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Commentary: Starting over

Jon Hauser

FARGO — Karl Pillemer is a gerontologist at Cornell University. In 2011, he and his team interviewed 1,500 adults over the age of 65, asking them what haunts them the most about their life choices. He then wrote a book called "30 Lessons for Living: Tried and True Advice from the Wisest Americans."

Here are the biggest regrets of those interviewed:

• Not being careful enough when choosing a life partner.

• Not resolving a family conflict or estrangement. Almost all of those interviewed who faced a rift with their child wished they had tried harder to reconcile, ask for forgiveness, apologize or try to communicate before it was too late.

• Putting off saying how you feel. Many older men regret not sharing their feelings with others more often.

• Spending too much time worrying about things that never happened and things they had no control over. The older we get the more precious we realize time is.

• Not being honest.

• Not taking enough career chances.

• Not taking care of your body.

Some regrets are massive. Others are rather small. But, if we pause long enough to reflect, we all have some regrets. Some regrets we can laugh about; others bring a knot to our stomach or a tear to our eye. They aren't funny at all. They are still raw and painful. We try to forget them, but they still weigh us down.

Dave and Jon Ferguson wrote a book called "Starting Over: Your Life Beyond Regrets." This month at Prairie Heights we are exploring this critical topic. It is very easy to get caught in an unhealthy cycle, paralyzed over our regrets for years, without finding a healing path forward.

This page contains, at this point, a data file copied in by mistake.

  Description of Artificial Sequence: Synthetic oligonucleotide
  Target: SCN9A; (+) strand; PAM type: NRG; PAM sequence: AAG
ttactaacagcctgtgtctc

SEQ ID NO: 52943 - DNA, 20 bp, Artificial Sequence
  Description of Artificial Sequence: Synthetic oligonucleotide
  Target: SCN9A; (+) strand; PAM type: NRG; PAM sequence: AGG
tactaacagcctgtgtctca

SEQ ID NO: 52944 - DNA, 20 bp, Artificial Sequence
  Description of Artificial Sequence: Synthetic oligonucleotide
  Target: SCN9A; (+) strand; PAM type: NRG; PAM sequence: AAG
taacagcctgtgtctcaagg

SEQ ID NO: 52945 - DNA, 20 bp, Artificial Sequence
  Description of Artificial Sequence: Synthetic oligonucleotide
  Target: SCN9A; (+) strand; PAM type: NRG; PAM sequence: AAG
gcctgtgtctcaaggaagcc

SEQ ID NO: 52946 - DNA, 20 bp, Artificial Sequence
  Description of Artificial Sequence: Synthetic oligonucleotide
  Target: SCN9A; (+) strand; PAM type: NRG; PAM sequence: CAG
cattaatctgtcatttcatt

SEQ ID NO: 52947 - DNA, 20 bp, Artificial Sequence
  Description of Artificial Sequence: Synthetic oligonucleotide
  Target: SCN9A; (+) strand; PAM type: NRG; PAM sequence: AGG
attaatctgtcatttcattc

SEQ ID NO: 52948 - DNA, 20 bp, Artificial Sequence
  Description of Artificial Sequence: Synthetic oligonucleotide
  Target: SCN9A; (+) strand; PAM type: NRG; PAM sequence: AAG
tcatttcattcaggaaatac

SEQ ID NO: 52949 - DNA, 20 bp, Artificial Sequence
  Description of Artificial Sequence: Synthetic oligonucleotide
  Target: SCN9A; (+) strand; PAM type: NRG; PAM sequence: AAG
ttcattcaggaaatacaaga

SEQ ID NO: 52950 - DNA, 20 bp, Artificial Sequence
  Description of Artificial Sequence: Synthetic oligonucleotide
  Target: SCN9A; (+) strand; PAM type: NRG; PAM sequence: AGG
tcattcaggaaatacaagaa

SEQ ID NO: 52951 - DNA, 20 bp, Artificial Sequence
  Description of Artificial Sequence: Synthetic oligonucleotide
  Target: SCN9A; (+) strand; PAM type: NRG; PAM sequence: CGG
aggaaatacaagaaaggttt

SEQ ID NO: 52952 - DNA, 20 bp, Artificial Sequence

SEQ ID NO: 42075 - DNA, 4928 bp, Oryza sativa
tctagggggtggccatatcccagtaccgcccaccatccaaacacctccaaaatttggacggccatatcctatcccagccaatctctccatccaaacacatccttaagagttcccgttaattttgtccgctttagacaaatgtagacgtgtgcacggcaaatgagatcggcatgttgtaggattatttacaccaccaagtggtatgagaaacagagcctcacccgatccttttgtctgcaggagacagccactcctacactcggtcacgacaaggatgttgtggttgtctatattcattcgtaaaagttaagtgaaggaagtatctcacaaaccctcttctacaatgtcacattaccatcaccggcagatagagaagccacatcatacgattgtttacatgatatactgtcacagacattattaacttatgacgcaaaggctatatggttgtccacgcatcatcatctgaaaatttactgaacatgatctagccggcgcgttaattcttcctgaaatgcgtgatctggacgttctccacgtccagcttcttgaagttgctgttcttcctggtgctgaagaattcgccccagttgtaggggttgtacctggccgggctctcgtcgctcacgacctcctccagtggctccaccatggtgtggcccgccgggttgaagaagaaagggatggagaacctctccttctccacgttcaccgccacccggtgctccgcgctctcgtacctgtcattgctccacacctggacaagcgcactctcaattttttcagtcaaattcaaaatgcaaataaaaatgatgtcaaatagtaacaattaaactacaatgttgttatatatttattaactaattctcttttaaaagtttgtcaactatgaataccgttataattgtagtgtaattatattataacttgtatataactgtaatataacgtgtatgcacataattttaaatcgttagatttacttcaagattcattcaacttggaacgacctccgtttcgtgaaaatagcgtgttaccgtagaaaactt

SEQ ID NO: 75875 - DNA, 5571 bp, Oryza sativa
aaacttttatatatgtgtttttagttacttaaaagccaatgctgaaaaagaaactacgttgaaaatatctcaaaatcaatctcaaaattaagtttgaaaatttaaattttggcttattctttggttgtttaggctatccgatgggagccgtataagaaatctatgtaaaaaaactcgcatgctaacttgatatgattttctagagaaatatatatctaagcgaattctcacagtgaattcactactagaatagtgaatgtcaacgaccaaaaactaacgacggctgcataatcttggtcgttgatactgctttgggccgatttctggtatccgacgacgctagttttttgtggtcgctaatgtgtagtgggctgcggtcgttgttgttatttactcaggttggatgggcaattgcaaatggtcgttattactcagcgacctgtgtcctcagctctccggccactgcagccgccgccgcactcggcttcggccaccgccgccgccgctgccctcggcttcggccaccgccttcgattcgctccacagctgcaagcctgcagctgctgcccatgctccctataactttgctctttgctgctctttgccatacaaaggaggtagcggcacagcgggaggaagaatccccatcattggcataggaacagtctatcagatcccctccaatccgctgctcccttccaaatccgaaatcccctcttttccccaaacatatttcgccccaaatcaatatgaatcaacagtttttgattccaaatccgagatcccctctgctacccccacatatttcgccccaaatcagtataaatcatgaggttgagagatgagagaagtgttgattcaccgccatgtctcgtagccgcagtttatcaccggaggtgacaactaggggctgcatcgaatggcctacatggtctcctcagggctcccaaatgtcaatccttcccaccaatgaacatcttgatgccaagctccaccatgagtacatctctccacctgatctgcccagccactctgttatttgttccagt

Melanie Greenberg is a practicing psychologist, author, speaker and life coach, with more than 20 years of experience as a clinician, professor and researcher. She says, "Regret can have damaging effects on mind and body; when regret turns into rumination and a self-blame, it keeps us from fully engaging in life."

The Fergusons describe how, with God's perspective and his help, rather than getting trapped in an unhealthy cycle, we can learn to love that regret and regain freedom and hope for the future. Regret can actually be seen and leveraged as an opportunity to start over. If that is true, and I believe it is, what an incredible joy and blessing that would be.

One of Jesus Christ's closest friends, Peter, betrayed Jesus three times at the moment Jesus needed Peter the most, after Jesus was arrested. Peter's response to his sin and failure was to weep bitterly. Peter was faced with the regret of a lifetime. Would Peter allow this regret to define him and defeat him? It did for a season, but in the book of John, chapter 21, Jesus helped Peter start over in three ways:

• Jesus confirms Peter's relationship

• Jesus continues Peter's purpose

• Jesus completes Peter's restoration

Peter denied Jesus three time, so three times Jesus asked him, "Do you love me?" Jesus doesn't just partially heal us. He heals us all the way.

When we face regret, we need restoration. And that must start with restoration with our heavenly father through his one and only son, Jesus Christ. It's never too late or too soon to start over.

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